Firefighter Edward Moult closes the door to Ambulance 5-8 while inspecting the vehicle Thursday at the Waterville Fire Department. The coronavirus pandemic requires city rescue workers to decontaminate emergency medical services equipment and vehicles after they have been used on calls.

WATERVILLE — The Emergency Operations Center set up at the Waterville Fire Department to respond to the coronavirus pandemic has decreased its hours but remains in place and ready to increase activity if needed.

“As of last week, we cut down the hours of operation to Monday, Wednesday, Friday,” police Chief Joseph Massey said Thursday. “We felt that we were at a point where we could do that, and we would reactivate the EOC on a full-time basis if we needed to.”

Massey, the center’s incident commander, said center officials met Tuesday and Thursday of this week but may meet more infrequently going forward. They work in close proximity in the city and can work from their regular offices, but return to the operations center at a moment’s notice, according to Massey.

“We will determine probably Monday if we cut back on operations even further,” he said. “I think we’re at a point where we have prepared the operations and have worked with all the partners at the local, state and federal level, and we are in sort of a holding mode.”

If they decide to cut hours further, they will still meet to discuss and evaluate the situation and do what is needed, according to Massey. He said the coronavirus pandemic is unlike any disaster or emergency that officials have faced in the past.

“This is something that is just unprecedented,” Massey said, “and it’s difficult to anticipate what’s going to happen. Is it going to get worse? Are we going to start seeing it flattening out?”

Massey confirmed that operations center officials are in good health. Fire Chief Shawn Esler, the assistant incident commander, said Fire Department employees also are fine.

“All of our employees are healthy and ready to respond to meet the needs of the community,” Esler said Thursday.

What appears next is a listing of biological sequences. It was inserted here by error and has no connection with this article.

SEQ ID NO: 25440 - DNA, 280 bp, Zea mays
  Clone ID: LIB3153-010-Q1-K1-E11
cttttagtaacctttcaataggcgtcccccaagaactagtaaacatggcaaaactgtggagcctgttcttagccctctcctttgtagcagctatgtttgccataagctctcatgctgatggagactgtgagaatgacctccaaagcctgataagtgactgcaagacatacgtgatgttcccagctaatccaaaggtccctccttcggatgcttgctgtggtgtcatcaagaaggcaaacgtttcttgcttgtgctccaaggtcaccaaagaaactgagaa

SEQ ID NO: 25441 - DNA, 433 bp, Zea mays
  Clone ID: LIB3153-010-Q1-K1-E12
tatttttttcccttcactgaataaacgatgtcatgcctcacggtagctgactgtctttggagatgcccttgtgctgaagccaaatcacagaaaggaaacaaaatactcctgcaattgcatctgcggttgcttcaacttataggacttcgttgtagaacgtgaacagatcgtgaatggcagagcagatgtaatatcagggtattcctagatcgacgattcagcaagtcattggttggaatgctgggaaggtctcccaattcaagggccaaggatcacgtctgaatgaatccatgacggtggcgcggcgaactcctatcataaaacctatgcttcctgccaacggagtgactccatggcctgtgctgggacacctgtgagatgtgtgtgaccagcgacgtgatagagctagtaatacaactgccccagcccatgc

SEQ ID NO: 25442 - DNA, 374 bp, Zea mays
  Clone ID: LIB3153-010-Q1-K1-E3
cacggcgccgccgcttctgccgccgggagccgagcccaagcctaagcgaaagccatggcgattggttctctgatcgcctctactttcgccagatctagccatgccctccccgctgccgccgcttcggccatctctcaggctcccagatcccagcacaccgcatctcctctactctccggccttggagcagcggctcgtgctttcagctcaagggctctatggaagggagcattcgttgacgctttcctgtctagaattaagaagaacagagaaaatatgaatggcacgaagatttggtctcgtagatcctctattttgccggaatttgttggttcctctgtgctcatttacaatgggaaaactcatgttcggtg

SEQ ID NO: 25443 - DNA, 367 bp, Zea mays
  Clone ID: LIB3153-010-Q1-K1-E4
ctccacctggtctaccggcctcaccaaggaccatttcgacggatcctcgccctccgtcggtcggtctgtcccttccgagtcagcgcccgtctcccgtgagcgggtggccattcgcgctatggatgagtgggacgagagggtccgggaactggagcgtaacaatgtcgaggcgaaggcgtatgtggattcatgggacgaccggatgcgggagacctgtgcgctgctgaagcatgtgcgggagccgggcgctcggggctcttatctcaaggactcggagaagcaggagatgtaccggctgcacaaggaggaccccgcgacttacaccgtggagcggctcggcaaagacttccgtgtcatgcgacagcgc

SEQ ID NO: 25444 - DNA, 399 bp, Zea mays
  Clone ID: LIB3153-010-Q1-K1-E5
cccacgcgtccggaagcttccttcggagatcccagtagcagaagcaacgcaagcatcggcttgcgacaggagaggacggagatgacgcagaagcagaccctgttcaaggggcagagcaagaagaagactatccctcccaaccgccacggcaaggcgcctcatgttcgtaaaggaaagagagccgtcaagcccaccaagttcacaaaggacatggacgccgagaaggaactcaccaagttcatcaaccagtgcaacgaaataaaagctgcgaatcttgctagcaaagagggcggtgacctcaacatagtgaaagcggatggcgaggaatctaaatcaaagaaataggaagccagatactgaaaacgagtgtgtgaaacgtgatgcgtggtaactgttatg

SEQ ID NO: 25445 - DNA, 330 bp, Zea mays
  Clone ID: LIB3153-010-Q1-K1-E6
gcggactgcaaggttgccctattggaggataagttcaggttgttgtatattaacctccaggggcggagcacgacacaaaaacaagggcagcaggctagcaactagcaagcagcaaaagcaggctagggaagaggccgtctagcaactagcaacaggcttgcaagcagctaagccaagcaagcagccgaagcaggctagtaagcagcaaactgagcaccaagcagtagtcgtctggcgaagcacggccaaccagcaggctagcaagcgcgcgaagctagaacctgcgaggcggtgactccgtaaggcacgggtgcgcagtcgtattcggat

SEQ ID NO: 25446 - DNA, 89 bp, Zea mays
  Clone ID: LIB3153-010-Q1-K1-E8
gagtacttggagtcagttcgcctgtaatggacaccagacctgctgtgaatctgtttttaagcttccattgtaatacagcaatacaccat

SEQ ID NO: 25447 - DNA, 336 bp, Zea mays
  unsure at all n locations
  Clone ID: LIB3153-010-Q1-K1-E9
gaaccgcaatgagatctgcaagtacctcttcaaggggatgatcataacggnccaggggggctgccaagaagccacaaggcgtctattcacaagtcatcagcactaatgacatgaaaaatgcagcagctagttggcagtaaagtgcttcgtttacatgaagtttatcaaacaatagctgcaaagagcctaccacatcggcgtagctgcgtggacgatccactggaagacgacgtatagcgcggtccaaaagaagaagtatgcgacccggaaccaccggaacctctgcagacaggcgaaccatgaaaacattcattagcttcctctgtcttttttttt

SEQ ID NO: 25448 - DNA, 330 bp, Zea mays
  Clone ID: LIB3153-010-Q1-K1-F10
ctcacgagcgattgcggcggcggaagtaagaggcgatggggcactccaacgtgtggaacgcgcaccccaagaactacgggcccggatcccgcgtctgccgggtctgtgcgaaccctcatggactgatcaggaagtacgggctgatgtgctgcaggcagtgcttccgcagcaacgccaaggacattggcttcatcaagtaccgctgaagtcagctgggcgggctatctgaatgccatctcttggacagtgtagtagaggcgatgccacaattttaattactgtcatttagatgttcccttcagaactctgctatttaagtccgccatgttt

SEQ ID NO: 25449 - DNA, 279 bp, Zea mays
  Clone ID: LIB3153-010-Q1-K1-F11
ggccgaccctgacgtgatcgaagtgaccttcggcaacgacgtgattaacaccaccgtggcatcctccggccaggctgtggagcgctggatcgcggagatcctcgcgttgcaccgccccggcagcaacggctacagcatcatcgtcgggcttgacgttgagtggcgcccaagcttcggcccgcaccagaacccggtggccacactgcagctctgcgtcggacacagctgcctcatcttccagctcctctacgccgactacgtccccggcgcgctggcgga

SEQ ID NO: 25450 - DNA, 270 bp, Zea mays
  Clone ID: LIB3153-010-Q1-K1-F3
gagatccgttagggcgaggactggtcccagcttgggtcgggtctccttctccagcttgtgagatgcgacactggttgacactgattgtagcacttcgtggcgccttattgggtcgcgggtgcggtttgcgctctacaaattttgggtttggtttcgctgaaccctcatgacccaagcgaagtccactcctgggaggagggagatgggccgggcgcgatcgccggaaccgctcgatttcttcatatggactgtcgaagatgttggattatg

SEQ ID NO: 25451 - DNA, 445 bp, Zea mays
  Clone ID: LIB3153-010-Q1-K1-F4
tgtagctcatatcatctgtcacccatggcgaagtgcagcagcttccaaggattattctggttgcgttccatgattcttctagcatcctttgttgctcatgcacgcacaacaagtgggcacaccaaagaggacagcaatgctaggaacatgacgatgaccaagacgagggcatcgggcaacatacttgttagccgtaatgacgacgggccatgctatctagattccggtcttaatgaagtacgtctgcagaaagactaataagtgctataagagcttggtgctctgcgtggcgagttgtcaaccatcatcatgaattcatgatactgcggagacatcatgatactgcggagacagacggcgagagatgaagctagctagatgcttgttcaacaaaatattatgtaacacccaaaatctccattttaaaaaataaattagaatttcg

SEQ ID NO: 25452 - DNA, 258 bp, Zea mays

The operations center is on the second-floor classroom at the old fire station, which is connected to the newer station. Along with Massey and Esler, center officials include Deputy police Chief Bill Bonney; city Finance Director Aaron Berls; police Sgt. Jennifer Weaver, who supervises the police communications department; fire Capt. John Gromek; and Joel Waye of the city’s information technology, or IT, department.

Last month, the City Council authorized City Manager Michael Roy to spend $150,000 for operations center needs. About 75% of that is expected to be reimbursed by the Federal Emergency Management Agency.

So far, $58,068 of the $150,000 has been spent on personnel, equipment, food and other needs, leaving a balance of $91,931. Massey said $46,261 has been used for personnel, $6,026 for food and $5,780 for equipment.

The personnel expenses were for additional police and fire staff since the center opened March 16.

“We wanted to make sure we had adequate staff,” Massey said. “I put on additional officers and a dispatcher. As of yesterday, we are no longer scheduling an additional officer. However, we are continuing with additional coverage in dispatch.”

Esler said Thursday that when the operations center opened, officials assumed they would see an increased call volume due to the coronavirus.

Firefighter Edward Moult inspects a cardiac monitor while running checks on Ambulance 5-8 at Waterville Fire Department in Waterville Thursday. Morning Sentinel photo by Rich Abrahamson Buy this Photo